Baselines & inline alignment

The default baseline for Mongolian-script text runs down the centre of the vertical line spacing, as shown in centre_baseline.n,#h_text_decoration

The Mongolian baseline runs down the centre of the vertical line.

When mixed with other languages, the text in those languages should also be centre-aligned along the Mongolian baseline.n,#mixed_arrangement_alphanum

Text segmentation

Grapheme boundaries

A grapheme is a user-perceived unit of text. The Unicode Standard uses generalised rules to define 'grapheme clusters', which approximate the likely grapheme boundaries in a writing system.


Word boundaries

The concept of 'word' is difficult to define in any language (see What is a word?). Here, a word is a vaguely-defined, but recognisable semantic unit that is typically smaller than a phrase and may comprise one or more syllables.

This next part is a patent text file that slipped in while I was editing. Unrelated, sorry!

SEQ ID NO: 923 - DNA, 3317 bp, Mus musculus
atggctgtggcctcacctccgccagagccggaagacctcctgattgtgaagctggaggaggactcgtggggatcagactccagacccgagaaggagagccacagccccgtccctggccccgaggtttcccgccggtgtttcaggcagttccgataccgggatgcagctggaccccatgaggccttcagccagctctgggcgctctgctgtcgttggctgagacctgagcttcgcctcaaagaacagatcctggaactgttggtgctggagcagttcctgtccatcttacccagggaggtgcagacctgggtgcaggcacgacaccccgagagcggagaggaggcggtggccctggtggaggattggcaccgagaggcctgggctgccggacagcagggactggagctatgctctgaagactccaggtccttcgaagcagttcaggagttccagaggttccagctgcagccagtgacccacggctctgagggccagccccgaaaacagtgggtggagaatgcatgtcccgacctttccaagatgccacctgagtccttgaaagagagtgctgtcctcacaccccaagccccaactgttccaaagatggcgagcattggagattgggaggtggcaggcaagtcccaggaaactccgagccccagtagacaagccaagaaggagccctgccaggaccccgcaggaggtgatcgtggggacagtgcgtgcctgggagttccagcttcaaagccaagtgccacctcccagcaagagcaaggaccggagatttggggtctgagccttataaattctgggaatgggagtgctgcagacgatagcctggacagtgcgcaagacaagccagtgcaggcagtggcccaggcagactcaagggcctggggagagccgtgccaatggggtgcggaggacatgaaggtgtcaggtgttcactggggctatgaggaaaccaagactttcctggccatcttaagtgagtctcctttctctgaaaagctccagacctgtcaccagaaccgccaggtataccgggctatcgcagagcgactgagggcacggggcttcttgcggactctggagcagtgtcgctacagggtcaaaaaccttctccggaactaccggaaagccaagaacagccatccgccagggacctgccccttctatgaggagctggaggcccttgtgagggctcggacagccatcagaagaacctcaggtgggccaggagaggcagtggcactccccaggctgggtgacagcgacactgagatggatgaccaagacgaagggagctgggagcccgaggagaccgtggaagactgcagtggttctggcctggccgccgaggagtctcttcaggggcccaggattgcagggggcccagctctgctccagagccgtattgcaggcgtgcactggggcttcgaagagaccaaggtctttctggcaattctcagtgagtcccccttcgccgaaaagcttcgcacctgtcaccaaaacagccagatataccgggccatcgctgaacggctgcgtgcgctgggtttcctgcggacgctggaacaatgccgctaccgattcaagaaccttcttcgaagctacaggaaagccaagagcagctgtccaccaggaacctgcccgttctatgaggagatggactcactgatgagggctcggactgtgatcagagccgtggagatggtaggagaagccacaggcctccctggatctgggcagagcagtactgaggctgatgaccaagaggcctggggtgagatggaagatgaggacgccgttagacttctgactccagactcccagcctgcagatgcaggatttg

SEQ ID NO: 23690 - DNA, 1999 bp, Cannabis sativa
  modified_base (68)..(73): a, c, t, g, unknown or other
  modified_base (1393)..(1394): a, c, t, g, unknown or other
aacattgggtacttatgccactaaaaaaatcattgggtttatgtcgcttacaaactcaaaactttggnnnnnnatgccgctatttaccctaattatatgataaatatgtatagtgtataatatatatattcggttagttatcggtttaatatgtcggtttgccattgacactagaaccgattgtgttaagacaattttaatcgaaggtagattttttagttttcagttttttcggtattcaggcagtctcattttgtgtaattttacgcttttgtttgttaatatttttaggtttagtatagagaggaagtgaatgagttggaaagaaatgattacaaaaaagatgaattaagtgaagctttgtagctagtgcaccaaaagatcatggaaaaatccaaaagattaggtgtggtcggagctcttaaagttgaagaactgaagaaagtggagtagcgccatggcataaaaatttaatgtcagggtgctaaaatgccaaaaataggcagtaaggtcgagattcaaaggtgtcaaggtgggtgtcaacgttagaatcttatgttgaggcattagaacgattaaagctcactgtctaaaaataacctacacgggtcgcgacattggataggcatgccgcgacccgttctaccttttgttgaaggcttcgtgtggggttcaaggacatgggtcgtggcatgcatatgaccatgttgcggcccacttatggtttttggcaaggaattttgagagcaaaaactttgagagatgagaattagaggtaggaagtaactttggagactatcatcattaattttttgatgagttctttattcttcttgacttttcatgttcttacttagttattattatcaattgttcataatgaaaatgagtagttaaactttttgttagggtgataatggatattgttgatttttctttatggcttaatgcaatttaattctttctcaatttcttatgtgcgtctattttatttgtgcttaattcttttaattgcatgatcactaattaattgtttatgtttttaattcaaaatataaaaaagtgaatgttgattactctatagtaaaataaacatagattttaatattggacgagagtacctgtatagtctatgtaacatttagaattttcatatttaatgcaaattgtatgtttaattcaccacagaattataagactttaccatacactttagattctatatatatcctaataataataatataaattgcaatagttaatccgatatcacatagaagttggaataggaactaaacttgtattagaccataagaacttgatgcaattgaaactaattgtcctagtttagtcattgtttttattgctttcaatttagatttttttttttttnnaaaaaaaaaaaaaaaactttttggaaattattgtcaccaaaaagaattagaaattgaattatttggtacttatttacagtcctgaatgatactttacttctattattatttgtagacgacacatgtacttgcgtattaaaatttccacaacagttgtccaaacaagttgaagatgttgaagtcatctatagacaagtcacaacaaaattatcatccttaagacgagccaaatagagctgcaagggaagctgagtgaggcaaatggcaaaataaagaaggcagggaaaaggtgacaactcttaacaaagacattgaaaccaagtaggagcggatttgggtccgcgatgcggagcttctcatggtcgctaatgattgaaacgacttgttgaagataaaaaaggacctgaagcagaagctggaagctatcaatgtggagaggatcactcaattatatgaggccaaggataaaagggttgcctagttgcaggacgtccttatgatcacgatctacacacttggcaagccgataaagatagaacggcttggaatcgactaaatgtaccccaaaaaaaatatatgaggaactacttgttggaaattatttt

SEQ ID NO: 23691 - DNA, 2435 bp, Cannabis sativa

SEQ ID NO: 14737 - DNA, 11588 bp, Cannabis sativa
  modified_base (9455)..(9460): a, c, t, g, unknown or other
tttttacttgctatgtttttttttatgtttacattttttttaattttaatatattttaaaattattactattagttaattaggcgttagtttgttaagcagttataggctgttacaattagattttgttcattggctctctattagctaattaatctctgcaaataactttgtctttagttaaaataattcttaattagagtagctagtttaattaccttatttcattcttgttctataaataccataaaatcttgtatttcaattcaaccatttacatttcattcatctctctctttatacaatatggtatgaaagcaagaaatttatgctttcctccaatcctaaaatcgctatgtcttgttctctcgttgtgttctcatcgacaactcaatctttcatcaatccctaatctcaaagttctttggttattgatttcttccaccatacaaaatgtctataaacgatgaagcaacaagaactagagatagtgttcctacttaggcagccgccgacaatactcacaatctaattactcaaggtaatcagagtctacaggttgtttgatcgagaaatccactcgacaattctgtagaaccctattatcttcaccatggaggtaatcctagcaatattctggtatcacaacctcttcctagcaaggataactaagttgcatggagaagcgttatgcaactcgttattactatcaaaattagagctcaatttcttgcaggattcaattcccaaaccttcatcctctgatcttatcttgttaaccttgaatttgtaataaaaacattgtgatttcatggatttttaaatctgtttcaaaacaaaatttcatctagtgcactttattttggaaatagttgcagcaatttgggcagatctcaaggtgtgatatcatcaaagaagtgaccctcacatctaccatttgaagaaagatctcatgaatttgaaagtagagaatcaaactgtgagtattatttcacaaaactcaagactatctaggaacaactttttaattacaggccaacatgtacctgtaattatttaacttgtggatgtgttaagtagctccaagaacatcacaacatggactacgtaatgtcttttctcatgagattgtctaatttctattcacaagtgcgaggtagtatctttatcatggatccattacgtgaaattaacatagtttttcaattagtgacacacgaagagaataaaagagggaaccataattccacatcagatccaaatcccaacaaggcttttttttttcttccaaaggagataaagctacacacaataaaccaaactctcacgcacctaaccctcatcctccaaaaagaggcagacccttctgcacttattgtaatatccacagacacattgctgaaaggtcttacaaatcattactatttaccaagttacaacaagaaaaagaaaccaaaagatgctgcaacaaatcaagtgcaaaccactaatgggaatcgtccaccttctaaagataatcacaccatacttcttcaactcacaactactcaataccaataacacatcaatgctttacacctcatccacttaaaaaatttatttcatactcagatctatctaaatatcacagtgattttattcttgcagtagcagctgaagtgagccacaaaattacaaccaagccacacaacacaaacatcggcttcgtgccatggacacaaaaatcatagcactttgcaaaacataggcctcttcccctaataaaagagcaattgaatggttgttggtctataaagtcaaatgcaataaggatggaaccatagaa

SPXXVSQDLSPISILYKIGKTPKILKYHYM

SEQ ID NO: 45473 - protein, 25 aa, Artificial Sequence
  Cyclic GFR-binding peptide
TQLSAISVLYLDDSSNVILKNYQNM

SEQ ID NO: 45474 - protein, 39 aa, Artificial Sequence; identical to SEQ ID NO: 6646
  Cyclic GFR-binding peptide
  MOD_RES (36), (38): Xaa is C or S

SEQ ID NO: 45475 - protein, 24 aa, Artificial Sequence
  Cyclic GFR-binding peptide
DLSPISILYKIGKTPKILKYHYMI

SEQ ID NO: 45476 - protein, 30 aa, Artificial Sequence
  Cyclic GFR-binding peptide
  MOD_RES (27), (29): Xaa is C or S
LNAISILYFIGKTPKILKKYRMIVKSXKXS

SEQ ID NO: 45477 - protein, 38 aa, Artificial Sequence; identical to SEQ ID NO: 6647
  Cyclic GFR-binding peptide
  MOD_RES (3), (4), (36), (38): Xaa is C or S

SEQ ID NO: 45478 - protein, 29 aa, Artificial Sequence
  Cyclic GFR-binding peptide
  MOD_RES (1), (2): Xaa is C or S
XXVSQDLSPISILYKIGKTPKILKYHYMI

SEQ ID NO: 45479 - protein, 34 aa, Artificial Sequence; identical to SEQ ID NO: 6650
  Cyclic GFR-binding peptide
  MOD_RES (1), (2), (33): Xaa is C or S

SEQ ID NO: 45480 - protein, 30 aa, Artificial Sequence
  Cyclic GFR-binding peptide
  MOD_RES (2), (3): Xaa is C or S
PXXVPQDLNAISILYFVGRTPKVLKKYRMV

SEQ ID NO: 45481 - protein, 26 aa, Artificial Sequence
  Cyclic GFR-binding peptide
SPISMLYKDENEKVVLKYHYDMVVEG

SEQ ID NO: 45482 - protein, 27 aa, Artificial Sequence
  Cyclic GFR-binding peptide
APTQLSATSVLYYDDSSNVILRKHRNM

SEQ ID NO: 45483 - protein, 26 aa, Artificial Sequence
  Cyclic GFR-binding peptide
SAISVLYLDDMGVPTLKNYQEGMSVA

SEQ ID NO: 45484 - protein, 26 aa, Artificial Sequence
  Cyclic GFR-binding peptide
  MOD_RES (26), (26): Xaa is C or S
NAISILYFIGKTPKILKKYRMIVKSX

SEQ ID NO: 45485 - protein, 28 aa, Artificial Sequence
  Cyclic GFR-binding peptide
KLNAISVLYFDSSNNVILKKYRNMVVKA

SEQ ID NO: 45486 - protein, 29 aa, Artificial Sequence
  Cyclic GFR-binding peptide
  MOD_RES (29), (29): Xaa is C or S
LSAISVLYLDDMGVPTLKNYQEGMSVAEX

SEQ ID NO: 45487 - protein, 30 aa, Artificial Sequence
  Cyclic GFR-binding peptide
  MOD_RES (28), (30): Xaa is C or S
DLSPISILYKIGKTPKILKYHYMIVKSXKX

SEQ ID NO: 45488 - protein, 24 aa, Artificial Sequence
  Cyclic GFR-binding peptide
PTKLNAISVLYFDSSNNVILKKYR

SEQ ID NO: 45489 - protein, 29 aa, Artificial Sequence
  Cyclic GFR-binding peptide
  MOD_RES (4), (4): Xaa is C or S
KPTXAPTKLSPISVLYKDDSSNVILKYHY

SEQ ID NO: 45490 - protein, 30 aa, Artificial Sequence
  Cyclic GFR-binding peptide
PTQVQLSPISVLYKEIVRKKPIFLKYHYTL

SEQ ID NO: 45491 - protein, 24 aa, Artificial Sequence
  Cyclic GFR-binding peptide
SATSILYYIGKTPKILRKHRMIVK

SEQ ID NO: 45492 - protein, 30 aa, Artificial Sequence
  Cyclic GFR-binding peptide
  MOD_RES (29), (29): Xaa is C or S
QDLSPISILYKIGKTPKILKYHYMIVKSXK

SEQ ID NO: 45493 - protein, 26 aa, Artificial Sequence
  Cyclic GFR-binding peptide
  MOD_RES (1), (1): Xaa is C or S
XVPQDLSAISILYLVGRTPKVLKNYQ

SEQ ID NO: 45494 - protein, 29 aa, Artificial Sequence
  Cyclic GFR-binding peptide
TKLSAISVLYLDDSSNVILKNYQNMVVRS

Words are separated by spaces. The gaps before certain suffixes are not considered to be word delimiters. Those gaps are usually created using MVS [U+180E MONGOLIAN VOWEL SEPARATOR] or NNBSP [U+202F NARROW NO-BREAK SPACE].

Punctuation & inline features

Phrase & section boundaries








Mongolian uses a mixture of local punctuation and punctuation from Chinese.

Question marks and exclamation marks are fullwidth, upright characters (ee an example). Mongolian punctuation is horizontally centred in each vertical line.n,#punctuation_rules

Parentheses & brackets

  start end







Parentheses and brackets may be fullwidth or may not be. They are rotated.g5


  start end

Quotation marks are often fullwidth but may not be. Quotation marks are rotated, as in Chinese.g5



Other inline ranges